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Malaria Poses A Risk To Contractors And Beyond

Protection form mosquito bites is not being taken even by professionals in the travel risk business, a new survey has found. Less than a quarter of organisations have pre-travel health programmes in place.

Data from medical and travel security risk services company International SOS shows that malaria represents an increasing proportion of offshore medical and accident or injury cases, such as on oil and gas rigs, rising from 13% of all medical cases in 2014 to 41% in 2016. However, with appropriate programmes in place, a greater proportion of these have been managed on board, from 65% to 90% in 2016.

Dr Irene Lai, Medical Director, Medical Information and Analysis said, “While the fight against malaria is reducing the global burden, we still receive thousands of calls into our assistance centre each year for this preventable disease. Malaria can have extremely serious personal health consequences and for businesses can result in significant costs through a failed assignment. Organisations can mitigate this risk with a few simple measures such as education of employees prior to travel, providing travellers with preventive measures and monitoring outbreaks.”
While malaria has been eliminated in some regions, such as Sri Lanka, other areas, such as several provinces in South Africa, have seen the emergence of malaria.

Bernard Aryeety, Deputy Director of Advocacy, Malaria No More UK said, “The UK also has the second highest imported cases of malaria per year in developed countries and globally over 10,000 travellers are reported to return home with malaria each year. This disease continues to pose a serious threat with serious consequences if not treated correctly. The emergence of drug and insecticide resistance also threatens to derail progress, reminding us that the gains of recent years could be rapidly reversed, potentially increasing threat levels to both leisure and business travellers as well as communities. But our global ambition is to reduce global number of cases and deaths by wiping out the disease for good.”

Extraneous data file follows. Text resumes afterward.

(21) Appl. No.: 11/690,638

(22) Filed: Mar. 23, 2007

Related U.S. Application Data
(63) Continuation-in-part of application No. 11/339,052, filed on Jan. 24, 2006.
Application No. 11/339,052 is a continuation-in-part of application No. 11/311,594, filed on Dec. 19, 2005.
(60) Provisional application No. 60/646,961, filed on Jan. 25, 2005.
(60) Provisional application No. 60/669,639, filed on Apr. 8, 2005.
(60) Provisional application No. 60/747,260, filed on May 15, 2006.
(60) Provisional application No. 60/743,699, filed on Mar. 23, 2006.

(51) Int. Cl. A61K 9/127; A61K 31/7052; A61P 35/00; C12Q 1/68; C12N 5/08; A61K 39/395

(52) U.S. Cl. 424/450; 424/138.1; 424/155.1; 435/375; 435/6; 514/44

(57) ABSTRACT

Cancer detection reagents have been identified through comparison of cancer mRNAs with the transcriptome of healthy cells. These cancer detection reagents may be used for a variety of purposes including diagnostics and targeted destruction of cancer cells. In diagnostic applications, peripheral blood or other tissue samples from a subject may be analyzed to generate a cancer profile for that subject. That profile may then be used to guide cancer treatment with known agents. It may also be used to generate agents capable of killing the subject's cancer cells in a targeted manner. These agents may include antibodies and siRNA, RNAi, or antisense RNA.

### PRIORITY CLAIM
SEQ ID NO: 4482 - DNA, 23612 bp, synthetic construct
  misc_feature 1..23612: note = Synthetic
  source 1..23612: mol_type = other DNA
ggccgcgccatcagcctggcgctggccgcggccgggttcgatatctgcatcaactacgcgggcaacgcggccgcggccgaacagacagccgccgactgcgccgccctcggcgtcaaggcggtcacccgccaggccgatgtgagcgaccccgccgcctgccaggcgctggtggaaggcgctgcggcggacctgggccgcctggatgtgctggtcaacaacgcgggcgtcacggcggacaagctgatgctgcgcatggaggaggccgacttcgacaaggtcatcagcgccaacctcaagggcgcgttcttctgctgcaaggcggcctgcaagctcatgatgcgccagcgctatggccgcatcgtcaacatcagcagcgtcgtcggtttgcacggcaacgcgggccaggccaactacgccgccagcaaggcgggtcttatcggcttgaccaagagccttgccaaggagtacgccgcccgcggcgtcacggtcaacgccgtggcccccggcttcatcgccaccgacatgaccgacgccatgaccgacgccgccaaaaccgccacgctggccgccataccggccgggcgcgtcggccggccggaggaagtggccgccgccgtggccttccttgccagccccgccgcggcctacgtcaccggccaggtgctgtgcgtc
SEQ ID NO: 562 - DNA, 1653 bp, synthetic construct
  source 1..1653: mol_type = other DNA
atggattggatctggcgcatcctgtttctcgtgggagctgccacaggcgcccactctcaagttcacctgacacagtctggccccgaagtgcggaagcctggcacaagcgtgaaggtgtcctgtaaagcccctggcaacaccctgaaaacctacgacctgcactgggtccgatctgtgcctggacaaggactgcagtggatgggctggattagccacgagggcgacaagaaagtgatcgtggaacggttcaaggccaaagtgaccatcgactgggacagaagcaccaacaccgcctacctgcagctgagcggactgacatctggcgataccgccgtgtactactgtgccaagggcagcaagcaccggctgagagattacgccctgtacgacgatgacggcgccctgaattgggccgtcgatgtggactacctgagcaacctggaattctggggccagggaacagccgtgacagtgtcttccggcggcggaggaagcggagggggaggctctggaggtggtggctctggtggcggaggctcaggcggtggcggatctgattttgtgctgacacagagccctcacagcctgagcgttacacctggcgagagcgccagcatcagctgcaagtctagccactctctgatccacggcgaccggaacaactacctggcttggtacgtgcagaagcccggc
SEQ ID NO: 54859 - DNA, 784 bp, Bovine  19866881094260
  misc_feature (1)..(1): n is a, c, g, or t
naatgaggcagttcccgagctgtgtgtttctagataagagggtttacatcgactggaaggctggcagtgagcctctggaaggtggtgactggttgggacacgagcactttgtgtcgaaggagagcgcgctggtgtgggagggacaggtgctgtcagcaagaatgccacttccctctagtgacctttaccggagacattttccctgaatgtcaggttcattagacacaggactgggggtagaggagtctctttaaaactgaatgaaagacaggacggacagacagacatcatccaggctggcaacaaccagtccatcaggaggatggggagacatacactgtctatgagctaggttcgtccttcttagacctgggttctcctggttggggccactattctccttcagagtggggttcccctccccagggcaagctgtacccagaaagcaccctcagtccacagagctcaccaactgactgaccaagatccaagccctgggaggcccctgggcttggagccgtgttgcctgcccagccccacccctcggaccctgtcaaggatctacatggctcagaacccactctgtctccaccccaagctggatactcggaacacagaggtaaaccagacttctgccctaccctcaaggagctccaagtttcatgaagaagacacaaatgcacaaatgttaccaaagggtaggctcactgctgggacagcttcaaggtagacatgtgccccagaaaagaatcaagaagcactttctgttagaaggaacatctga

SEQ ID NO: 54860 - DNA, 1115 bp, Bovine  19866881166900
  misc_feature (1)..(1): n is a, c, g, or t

Malaria prevention programmes aimed at employees travelling and working in malaria-risk regions has been found to reduce the occurrence of fatal cases by 70% and the return on investment was $1.32 for each $1 invested. International SOS advises a comprehensive malaria prevention programme including: pre-deployment education, access to preventive medication and other measures such as insect repellents, bed nets and access to urgent diagnosis and treatment.

Employment lawyer Chris Tutton, partner at law firm Constantine Law, speaking to Recruiter, warns recruiters should err on the side of caution in taking these preventative measures, as well as conducting risk assessments ahead of placing contractors in environments where they may be at risk of contracting malaria.


“I think there would be a duty owed to a candidate you are placing,” Tutton said. “There is a potential for candidates to sue recruiters where they are negligent when they go about placing candidates in dangerous situations. It is also a personal injury question as well, because the claim would be that person has suffered a personal injury.”